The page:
GUILTY AS CHARGED
Let us return to the
specific case involving Ranbaxy.
The media, both in
In fact the USFDA is on record for having stated that “it did not receive any reports of patients being harmed by the drugs made at the plants in question.” In fact Ranbaxy’s drugs were not found to be deficient as regards the ingredients present in them or as regards their standards, or as regards their bio-availability (i.e. whether its drug has identical effect in the body as the original drug). We need to remember that the USFDA had been investigating Ranbaxy since 2006. If there had been even a single case where its drug was not found to have been of requisite standard, then the USFDA would surely have made such reports public.
Why then was Ranbaxy charged? Ranbaxy was charged because it lied to the USFDA regarding its documentation and the procedures followed in its manufacturing facilities. Ranbaxy provided data regarding its regulatory procedures that it had deliberately falsified. USFDA regulations are often quiet different from what drug regulatory agencies in India require, and hence very distinct and different documentation is required to be submitted to the USDA to get marketing approval in the US. The fact that Ranbaxy provided false documents does not prove that its drugs were of bad quality, and by extension it is definitely no evidence that Indian generic drugs are generally of poor quality.
Yes, Ranbaxy was
guilty of deliberately falsifying
date to get regulatory approval in the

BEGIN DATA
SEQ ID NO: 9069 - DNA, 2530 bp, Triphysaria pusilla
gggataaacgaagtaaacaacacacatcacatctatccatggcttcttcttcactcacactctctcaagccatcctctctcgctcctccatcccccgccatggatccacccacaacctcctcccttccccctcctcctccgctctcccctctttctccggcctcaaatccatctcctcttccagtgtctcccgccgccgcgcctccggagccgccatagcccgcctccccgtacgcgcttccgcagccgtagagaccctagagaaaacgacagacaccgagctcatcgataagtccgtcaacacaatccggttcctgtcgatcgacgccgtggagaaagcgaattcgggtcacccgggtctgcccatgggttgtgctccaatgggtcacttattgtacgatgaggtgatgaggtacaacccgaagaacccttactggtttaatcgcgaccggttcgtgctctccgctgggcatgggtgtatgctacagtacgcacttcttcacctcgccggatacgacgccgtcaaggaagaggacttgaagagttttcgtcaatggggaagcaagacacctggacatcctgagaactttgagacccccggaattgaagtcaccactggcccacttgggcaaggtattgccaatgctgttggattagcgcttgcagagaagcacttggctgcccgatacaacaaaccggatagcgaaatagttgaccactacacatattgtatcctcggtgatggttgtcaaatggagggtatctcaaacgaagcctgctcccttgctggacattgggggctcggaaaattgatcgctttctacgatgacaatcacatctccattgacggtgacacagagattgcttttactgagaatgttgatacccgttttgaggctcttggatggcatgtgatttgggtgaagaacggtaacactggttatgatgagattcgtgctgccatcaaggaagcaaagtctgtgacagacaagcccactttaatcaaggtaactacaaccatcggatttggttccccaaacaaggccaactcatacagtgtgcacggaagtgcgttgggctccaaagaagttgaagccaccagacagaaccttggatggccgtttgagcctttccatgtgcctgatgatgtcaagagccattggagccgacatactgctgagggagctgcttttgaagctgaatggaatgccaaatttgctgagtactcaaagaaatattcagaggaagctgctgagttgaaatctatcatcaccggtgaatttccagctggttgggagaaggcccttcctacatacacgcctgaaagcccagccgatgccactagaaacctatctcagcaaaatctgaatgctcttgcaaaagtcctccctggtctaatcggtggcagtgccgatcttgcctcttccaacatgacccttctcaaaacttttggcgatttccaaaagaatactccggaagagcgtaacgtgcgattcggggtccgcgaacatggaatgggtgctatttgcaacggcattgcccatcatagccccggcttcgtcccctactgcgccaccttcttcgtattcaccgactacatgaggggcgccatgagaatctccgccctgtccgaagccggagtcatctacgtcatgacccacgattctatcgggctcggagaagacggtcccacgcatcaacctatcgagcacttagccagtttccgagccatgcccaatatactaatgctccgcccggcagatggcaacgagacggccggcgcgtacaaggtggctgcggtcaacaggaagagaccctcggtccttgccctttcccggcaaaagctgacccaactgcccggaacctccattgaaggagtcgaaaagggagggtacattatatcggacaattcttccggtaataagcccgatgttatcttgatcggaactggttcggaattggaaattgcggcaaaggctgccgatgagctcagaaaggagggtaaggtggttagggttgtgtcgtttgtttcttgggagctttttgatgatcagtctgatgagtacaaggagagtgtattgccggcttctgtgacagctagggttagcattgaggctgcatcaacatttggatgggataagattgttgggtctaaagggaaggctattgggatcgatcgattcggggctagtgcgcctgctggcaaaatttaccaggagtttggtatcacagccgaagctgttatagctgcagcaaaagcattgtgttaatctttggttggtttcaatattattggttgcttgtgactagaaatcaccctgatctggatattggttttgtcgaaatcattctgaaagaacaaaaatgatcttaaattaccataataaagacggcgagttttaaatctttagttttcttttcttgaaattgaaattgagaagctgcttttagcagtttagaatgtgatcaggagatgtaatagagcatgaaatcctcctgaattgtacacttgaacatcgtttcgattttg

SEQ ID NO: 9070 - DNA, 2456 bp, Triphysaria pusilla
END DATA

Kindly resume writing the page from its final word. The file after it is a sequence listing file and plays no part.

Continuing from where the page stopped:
ORCHESTRATED CAMPAIGN TO
DEMONISE INDIAN GENERICS
What is, however, of
much graver concern is the way
the Ranbaxy episode is being used to mount an orchestrated
generic medicines manufactured in
The entire episode is
being posed as if it represents
a problem of poor quality medicines being produced in
In 2012, Glaxo paid three billion dollars after facing criminal charges of illegally marketing drugs and withholding safety data from US regulators. Again, in 2010, Glaxo paid 750 million dollars after pleading guilty of criminal and civil liability regarding manufacturing deficiencies at one of its plants. According to the USFDA, the company’s manufacturing operations failed to ensure that its drugs were free of contamination from microorganisms.
We return to the Fortune story and
the first hand account
by Dinesh Thakur. The story is titled ‘Dirty Medicine’.
The unstated inference
is that a ‘dirty country’ (
All that we discuss,
however, should not be construed as an affirmation of
existing drug regulatory
It is ironic that Ranbaxy, through the present episode, has come to exemplify Indian generic manufacturers. In fact, the majority shareholding in Ranbaxy is held by Daichi – a Japanese company that is also a part of the 16 big pharma companies. But then, as we have seen earlier, the primary intent in the course of the present controversy was never about targeting Ranbaxy. It was about targeting the affordable generic medicines from Indian manufacturers so that big pharma could continue to profit at the expense of illness and peoples vulnerabilities.